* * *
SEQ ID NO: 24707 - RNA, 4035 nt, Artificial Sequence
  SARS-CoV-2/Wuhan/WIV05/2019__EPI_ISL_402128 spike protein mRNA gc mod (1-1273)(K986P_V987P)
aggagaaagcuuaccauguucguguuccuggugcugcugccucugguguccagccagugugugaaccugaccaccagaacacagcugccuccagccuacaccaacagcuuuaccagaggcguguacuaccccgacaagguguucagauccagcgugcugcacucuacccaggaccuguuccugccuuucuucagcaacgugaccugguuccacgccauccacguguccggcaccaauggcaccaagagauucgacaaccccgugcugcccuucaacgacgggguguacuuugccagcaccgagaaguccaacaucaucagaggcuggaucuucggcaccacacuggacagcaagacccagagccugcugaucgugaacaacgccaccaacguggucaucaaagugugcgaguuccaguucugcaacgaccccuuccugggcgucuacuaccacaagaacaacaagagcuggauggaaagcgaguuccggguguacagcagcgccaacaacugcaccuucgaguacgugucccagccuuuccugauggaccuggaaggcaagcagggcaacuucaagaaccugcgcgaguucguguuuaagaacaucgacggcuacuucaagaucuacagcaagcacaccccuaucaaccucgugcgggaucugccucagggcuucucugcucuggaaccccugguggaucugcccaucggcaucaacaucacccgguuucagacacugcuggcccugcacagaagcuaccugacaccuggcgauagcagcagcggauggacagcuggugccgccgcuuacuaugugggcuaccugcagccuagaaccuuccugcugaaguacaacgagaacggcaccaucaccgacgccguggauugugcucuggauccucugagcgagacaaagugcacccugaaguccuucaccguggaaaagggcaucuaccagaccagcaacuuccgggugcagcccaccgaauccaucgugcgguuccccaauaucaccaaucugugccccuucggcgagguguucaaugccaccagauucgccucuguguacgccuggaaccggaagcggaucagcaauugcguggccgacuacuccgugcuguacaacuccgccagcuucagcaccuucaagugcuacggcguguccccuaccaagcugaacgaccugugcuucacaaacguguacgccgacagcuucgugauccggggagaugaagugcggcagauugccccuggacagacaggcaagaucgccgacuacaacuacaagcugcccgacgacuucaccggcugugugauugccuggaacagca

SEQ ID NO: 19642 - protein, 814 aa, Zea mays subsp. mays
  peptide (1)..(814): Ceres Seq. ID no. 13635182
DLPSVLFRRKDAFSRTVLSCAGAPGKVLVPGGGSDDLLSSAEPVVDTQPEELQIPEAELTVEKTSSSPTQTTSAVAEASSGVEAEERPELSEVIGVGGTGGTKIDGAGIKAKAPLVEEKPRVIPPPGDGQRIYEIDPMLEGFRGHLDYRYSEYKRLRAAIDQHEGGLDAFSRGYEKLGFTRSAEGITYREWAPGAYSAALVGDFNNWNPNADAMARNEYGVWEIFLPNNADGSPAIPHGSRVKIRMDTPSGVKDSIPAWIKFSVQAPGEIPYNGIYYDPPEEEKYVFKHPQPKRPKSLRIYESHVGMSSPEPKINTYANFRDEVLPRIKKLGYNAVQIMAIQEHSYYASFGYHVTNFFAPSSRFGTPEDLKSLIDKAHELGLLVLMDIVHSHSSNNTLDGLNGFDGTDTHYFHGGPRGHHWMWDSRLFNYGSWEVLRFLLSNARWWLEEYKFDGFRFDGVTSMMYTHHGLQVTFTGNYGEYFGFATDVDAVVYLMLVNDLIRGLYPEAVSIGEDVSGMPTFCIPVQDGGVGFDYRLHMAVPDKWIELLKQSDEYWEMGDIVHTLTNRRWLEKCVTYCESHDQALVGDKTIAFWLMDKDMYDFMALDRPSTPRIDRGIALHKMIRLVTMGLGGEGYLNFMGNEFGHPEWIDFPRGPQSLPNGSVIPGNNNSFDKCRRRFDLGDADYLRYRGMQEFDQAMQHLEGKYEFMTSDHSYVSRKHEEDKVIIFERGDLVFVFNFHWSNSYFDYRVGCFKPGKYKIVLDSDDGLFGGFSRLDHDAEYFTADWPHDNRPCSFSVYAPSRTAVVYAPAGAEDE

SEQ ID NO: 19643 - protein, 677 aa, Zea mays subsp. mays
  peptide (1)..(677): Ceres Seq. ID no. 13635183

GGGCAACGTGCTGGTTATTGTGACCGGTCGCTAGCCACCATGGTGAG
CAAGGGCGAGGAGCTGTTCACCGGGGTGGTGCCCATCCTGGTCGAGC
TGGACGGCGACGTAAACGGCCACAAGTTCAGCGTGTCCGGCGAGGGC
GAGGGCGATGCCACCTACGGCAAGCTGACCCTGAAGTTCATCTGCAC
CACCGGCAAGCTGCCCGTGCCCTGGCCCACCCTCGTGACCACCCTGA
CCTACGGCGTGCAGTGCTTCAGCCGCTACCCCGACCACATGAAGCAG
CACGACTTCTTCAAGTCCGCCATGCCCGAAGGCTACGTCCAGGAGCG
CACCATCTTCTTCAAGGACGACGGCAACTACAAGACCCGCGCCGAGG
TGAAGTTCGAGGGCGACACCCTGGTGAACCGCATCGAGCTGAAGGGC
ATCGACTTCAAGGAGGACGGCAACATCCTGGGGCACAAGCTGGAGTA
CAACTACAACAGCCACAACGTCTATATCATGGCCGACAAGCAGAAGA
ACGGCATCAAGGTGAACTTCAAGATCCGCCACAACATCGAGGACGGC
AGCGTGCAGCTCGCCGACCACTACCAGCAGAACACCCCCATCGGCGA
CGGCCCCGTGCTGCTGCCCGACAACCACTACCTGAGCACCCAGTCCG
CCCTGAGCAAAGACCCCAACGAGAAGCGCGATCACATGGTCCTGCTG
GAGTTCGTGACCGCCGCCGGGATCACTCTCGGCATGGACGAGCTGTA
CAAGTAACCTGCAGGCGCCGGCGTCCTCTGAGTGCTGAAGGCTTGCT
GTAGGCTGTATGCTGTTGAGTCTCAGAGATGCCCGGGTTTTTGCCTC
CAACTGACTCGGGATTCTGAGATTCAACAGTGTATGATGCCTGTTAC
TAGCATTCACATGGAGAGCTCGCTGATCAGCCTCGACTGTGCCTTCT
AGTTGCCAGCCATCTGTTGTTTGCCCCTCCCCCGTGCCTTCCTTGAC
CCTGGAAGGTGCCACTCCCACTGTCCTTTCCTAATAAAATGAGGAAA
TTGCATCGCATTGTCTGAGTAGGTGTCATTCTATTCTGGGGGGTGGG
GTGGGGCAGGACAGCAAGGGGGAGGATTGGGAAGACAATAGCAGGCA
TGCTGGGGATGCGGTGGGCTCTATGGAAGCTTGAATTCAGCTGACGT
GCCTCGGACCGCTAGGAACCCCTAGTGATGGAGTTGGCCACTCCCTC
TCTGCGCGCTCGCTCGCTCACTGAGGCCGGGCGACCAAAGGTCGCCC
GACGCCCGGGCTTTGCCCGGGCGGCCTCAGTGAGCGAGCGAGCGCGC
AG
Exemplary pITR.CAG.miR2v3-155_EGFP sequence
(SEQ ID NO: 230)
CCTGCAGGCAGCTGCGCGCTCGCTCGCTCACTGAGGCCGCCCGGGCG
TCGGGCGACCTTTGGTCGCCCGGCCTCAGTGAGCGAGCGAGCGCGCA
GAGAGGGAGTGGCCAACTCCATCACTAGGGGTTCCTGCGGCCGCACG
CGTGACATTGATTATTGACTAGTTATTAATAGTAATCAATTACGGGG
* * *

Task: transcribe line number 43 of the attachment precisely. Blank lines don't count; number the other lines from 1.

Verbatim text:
CGTGACATTGATTATTGACTAGTTATTAATAGTAATCAATTACGGGG